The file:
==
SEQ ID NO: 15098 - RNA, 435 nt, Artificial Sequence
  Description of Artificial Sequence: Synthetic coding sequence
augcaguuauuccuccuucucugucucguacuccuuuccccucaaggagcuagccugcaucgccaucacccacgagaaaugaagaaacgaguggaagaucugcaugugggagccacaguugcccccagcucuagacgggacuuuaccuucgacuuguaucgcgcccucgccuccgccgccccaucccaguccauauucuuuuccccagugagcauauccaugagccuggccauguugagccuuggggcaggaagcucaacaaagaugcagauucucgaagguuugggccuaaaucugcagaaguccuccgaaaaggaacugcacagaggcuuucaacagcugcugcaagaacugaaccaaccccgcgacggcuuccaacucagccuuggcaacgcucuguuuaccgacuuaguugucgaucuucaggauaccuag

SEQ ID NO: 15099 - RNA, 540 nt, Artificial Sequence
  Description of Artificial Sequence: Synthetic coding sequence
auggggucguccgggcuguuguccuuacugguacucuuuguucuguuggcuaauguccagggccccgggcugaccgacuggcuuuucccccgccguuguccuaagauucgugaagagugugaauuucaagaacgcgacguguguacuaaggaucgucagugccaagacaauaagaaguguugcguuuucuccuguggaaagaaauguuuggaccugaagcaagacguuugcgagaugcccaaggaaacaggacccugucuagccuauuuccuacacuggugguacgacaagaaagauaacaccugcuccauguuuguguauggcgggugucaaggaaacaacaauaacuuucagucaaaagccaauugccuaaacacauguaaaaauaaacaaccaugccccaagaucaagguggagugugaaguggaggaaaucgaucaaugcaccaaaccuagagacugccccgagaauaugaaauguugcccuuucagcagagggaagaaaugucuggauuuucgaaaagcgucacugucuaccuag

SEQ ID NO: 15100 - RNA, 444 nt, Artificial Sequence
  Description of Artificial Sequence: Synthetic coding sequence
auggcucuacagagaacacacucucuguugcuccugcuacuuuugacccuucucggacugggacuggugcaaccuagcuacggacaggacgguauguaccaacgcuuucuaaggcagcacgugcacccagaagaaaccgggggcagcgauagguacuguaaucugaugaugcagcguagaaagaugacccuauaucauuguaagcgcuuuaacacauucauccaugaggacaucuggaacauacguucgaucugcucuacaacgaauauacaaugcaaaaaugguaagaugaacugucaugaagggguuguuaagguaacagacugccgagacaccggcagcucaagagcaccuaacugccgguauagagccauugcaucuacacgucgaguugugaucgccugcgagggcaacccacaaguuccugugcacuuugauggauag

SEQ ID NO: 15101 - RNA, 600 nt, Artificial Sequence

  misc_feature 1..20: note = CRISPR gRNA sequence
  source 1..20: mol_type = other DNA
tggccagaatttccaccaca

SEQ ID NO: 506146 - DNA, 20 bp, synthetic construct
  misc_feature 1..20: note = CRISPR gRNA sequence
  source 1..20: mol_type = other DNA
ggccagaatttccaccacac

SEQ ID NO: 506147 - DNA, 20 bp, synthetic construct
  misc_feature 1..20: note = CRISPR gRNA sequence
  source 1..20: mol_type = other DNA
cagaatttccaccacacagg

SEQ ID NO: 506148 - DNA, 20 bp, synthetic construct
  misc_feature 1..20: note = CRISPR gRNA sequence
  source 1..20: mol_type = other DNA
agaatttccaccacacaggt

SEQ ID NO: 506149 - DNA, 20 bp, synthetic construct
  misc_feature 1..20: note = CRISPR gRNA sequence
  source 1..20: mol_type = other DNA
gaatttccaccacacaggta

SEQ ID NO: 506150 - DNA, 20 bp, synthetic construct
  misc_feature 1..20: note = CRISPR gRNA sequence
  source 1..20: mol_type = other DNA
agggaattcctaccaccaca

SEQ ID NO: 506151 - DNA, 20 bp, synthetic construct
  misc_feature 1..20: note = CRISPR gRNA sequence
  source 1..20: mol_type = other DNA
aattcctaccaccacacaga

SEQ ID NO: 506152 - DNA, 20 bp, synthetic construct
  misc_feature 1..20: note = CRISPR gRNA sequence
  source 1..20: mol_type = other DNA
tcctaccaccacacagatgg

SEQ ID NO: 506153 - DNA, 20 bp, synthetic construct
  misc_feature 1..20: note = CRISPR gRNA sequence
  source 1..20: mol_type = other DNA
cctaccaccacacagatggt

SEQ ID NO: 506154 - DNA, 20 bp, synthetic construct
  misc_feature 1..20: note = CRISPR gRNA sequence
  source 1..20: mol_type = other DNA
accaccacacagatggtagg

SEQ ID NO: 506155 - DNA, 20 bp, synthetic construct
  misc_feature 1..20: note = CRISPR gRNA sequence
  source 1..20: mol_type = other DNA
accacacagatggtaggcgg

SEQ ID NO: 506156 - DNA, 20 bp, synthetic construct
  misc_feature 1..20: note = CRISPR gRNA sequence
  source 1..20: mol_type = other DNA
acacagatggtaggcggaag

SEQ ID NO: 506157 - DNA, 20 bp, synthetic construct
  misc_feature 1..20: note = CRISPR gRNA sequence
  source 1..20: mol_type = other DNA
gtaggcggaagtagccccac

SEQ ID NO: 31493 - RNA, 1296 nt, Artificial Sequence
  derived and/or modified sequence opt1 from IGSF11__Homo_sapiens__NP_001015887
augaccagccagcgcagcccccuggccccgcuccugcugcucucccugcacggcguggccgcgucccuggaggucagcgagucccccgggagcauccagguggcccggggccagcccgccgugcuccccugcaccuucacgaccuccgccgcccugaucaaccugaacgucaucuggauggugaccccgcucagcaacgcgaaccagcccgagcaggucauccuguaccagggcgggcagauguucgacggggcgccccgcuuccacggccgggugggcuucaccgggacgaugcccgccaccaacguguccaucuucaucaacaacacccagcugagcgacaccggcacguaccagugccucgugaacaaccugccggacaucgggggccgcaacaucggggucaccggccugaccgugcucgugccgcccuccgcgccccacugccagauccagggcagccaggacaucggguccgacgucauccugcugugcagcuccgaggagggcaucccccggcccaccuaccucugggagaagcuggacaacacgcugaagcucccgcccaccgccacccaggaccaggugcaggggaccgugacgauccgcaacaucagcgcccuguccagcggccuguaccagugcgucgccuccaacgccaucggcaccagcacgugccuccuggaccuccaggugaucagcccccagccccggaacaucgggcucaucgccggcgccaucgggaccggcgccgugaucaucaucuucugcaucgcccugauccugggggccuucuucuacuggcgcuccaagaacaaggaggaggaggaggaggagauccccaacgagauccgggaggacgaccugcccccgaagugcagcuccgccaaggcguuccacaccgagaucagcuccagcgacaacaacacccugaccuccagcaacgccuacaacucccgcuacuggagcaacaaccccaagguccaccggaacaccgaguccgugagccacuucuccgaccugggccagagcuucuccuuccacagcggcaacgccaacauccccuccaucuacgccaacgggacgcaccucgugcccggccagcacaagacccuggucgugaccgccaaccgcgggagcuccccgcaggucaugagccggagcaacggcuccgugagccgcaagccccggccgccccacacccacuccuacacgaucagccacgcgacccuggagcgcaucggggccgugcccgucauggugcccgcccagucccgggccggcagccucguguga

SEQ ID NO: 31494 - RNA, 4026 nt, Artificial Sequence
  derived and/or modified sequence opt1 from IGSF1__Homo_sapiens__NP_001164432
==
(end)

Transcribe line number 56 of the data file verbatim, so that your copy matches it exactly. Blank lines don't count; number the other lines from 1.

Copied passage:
  source 1..20: mol_type = other DNA